However, math just is. You may not like the fact that 4 + 3 = 7, and you may argue how important that result is, but you can't add "4" and "3" together get some other result. If both sides are truly that far apart, I still don't see how both sides possibly bridge the gap that exists. The exhibits that Russo provided only reinforce that belief.

It's time to throw in the towel on this round of negotiations. Both sides**really** need to start over.

Based on the exhibits Russo shows, the NHL and NHLPA are anywhere from $900 million to $1.05 billion apart over 5 years. The true difference relies on assumptions in growth rates, the "make whole" provision the NHL originally suggested, and the NHLPA's insistence on being guaranteed a 1.75% increase per year from the $1.883 billion the players received in 2011-12. The difference is based on what the players want to receive and what they would receive under the NHL's 50/50 proposal, including "make whole."

-- The short version: both sides are

-- The short version, part 2: as I said previously, both sides really need to go back to the beginning and start all over.

The fact that the NHLPA is asking for increases off the '11-12 amount the players received is questionable enough; the NHL's insistence on an immediate 50/50 split point only underscores the cavernous gap between the two sides. There's simply no way to reconcile both of those positions. Even if the NHLPA were to say "look, we'll take $1.883B in 2012-13 and there forward until revenues catch up" they would still receive a raise in 2015-16 ...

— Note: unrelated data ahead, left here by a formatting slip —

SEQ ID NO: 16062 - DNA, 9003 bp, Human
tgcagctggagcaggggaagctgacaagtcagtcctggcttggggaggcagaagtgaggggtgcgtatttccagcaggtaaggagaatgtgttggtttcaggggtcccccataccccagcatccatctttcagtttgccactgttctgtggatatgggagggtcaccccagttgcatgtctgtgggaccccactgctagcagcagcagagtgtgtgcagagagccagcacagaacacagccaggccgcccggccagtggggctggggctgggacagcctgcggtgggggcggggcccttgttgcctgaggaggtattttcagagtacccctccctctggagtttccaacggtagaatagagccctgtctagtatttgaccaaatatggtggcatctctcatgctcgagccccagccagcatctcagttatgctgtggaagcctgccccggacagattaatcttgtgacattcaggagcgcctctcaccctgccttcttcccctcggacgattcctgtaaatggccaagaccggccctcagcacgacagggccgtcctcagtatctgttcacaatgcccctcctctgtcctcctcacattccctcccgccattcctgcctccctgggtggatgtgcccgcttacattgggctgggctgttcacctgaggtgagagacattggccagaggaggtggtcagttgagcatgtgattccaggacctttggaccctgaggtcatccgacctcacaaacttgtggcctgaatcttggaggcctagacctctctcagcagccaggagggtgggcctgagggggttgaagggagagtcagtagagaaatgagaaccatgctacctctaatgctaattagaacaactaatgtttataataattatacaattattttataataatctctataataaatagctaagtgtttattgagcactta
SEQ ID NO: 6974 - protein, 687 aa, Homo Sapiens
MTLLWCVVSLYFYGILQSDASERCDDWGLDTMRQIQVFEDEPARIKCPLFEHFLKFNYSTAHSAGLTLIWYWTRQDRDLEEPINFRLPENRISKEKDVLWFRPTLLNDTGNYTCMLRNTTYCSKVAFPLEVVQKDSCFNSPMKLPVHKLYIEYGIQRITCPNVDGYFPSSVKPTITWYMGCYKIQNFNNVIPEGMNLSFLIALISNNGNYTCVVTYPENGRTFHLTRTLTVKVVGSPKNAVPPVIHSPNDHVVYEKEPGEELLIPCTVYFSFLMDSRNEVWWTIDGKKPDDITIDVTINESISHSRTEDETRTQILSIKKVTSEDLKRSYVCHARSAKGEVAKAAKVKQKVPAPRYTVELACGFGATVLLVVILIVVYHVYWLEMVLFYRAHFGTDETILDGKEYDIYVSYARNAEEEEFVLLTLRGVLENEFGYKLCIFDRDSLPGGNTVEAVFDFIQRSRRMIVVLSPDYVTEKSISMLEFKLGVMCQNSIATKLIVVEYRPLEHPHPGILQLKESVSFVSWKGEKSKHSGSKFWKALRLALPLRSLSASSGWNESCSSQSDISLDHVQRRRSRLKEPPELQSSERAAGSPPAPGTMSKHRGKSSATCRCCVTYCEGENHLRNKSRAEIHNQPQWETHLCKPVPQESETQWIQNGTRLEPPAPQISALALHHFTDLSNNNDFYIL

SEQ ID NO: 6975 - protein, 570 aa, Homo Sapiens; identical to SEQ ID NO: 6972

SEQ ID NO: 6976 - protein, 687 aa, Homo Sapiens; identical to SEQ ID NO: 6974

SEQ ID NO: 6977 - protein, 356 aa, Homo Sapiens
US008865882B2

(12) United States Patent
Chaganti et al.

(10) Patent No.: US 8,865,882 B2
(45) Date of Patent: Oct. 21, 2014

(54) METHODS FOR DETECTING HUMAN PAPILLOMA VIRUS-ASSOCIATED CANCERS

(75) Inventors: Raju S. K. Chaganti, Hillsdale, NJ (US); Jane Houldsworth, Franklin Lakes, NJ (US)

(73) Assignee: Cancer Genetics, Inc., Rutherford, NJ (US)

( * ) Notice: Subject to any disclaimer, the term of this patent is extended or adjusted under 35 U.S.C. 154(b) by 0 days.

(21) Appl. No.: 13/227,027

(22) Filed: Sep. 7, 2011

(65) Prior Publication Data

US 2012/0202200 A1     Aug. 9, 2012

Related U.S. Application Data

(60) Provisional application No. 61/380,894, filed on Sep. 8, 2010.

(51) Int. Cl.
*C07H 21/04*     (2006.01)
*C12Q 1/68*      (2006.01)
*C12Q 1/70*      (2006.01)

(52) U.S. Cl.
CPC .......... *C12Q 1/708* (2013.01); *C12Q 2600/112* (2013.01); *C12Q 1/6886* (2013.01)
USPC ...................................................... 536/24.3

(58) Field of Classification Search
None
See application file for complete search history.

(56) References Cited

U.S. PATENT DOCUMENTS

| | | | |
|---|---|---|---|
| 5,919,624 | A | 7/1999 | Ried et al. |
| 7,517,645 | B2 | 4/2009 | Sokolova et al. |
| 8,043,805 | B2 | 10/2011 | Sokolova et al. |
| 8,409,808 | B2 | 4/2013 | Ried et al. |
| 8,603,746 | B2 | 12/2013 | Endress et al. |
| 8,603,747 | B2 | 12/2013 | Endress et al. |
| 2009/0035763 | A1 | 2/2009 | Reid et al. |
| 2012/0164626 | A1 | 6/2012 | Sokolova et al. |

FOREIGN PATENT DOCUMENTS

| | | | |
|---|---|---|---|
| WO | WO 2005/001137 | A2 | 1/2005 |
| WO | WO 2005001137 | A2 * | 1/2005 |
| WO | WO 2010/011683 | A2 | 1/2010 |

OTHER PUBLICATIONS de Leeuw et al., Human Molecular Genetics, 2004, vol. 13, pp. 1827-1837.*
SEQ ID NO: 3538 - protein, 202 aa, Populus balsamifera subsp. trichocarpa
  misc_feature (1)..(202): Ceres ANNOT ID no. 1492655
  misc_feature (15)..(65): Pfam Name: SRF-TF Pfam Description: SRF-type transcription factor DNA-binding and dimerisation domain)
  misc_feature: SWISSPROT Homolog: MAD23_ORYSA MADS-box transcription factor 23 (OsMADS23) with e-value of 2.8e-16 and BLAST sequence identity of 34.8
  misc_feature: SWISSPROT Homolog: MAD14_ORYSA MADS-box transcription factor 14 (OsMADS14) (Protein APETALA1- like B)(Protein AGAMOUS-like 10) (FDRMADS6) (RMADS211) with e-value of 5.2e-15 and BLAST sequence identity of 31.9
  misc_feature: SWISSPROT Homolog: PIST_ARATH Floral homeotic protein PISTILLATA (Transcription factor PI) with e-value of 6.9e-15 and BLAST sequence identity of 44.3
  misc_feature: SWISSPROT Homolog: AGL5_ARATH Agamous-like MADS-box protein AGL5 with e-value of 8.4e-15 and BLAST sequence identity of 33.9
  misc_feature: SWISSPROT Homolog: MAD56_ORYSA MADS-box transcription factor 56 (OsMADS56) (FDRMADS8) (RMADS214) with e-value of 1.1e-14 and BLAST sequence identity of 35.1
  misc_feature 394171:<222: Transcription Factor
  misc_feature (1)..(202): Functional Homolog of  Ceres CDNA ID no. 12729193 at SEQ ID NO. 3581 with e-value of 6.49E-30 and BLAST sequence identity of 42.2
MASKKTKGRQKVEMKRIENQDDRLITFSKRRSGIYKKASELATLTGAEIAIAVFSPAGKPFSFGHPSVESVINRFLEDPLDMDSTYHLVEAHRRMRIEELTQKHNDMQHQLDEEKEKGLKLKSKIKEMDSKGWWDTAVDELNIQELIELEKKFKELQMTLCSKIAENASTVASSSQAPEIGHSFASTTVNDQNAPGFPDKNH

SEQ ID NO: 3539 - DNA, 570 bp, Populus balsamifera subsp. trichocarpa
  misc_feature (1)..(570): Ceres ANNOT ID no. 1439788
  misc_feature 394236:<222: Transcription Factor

What is that projection? It's roughly a 1.25% increase between 2011-12 and 2013-14; that can be anything from -10.0% in '12-13 and +13.9% in '13-14 to -17.5% in '12-13 and +24.2% in '13-14. Thereafter, the league assumes a 5% per year growth rate.

Is that realistic? Probably not in the first 2 years, given the damage incurred so far. If '12-13 is lost, it's unlikely we see revenues go back to even $3.303 billion in the 2nd year of games (whenever that happens to be), much less be higher. The more revenues

Is it possible the NHL is spinning a story here? Maybe. Certainly we've seen the NHL engage in the semi-covert PR war by putting out positions designed to push its side through carefully placed leaks. If I knew that the NHLPA wasn't asking for increases from the '12-13 salary base, it would be one thing - but Fehr has been pretty clear the players (a) should be paid in full for the contracts on the books for '12-13, and (b) shouldn't have to take a pay cut in any future year in getting to 50/50.

However, math just is. You may not like the fact that 4 + 3 = 7, and you may argue how important that result is, but you can't add "4" and "3" together get some other result. If both sides are truly that far apart, I still don't see how both sides possibly bridge the gap that exists. The exhibits that Russo provided only reinforce that belief.

It's time to throw in the towel on this round of negotiations. Both sides